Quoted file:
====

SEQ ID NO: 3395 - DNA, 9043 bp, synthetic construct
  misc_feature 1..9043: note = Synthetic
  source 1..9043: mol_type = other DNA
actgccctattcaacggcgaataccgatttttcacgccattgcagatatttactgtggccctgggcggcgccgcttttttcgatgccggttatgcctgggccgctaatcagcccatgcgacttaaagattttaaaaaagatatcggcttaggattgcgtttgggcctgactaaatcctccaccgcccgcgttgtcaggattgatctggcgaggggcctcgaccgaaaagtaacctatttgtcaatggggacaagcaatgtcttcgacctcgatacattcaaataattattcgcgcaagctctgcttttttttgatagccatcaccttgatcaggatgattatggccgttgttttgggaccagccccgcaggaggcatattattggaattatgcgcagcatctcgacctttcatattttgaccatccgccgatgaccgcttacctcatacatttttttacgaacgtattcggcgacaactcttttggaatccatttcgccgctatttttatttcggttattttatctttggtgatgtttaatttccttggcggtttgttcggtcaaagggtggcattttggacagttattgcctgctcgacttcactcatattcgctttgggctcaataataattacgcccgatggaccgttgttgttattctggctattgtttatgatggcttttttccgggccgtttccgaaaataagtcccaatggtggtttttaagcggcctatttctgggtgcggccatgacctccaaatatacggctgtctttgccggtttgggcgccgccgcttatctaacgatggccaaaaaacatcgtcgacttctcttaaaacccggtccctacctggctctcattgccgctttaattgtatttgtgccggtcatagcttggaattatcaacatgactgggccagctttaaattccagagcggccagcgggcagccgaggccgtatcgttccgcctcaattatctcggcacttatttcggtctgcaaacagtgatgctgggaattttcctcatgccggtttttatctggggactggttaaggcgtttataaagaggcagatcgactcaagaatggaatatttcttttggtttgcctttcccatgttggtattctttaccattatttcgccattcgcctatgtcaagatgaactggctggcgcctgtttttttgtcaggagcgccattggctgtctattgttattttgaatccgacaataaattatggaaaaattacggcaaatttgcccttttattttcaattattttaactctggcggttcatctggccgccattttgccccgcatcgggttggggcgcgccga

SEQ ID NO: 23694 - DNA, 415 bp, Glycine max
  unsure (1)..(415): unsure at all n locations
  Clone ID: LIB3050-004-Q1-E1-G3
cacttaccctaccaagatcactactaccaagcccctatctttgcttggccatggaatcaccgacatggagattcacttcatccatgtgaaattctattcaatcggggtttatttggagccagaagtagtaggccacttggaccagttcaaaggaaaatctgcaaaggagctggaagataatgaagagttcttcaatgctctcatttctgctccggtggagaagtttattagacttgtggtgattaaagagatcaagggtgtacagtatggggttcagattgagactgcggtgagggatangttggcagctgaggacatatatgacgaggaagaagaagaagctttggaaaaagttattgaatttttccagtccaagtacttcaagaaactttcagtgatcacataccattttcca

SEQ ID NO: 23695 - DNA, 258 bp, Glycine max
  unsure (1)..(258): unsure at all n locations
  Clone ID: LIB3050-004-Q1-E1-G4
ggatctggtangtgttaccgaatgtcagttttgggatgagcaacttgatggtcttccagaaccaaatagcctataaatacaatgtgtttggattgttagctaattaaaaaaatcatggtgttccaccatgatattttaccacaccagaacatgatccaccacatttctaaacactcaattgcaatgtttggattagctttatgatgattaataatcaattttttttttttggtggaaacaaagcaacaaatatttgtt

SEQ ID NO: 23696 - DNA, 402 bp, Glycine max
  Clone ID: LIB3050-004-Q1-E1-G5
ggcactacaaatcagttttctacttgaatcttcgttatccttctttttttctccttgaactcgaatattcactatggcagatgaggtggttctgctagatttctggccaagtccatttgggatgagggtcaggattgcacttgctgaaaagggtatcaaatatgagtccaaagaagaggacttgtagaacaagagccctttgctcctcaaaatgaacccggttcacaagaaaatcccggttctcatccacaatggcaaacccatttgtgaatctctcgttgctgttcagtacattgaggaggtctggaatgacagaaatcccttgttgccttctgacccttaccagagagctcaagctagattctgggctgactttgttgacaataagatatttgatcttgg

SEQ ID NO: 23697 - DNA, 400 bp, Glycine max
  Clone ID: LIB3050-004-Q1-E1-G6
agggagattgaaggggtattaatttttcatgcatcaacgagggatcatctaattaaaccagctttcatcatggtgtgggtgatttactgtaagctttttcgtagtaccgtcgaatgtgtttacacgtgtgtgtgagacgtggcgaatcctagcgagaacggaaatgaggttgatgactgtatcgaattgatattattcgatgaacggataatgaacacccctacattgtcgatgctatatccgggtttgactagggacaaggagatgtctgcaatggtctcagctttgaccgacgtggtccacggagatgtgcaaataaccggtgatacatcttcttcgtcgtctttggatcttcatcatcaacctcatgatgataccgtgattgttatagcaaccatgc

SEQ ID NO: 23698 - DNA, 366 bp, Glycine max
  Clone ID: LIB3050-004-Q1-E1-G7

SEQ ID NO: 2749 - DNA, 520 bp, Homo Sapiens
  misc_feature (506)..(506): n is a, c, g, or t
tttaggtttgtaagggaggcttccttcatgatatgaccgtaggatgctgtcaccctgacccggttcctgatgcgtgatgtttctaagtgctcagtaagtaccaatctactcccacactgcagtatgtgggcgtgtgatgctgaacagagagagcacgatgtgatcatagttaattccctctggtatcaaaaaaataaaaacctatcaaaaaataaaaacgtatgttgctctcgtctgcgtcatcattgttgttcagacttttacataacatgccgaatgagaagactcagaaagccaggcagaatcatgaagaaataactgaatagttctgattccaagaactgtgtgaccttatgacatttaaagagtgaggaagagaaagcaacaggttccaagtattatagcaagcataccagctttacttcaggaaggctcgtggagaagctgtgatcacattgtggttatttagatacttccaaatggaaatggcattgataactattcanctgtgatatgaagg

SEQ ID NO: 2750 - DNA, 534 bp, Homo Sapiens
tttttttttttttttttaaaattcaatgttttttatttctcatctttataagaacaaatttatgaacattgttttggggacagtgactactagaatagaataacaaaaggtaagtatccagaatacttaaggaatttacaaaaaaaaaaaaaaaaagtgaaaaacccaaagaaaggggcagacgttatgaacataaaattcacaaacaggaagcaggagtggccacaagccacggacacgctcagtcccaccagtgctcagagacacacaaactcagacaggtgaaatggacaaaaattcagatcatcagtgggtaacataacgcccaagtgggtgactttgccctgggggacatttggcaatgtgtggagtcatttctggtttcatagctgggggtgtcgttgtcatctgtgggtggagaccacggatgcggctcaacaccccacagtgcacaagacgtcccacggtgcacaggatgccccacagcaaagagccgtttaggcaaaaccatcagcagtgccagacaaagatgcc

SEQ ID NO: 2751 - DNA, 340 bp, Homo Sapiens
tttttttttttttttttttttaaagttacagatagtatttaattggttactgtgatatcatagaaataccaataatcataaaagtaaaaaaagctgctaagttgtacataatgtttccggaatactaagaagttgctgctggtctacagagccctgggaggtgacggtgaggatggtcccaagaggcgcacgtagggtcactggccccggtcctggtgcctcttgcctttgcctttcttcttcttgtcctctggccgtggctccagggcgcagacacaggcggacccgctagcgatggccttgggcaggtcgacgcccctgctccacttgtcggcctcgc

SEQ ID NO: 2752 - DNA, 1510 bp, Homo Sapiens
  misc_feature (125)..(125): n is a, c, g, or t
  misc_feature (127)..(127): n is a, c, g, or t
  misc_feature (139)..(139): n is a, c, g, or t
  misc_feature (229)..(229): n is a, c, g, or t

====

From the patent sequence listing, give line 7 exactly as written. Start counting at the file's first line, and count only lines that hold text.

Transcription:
  Clone ID: LIB3050-004-Q1-E1-G3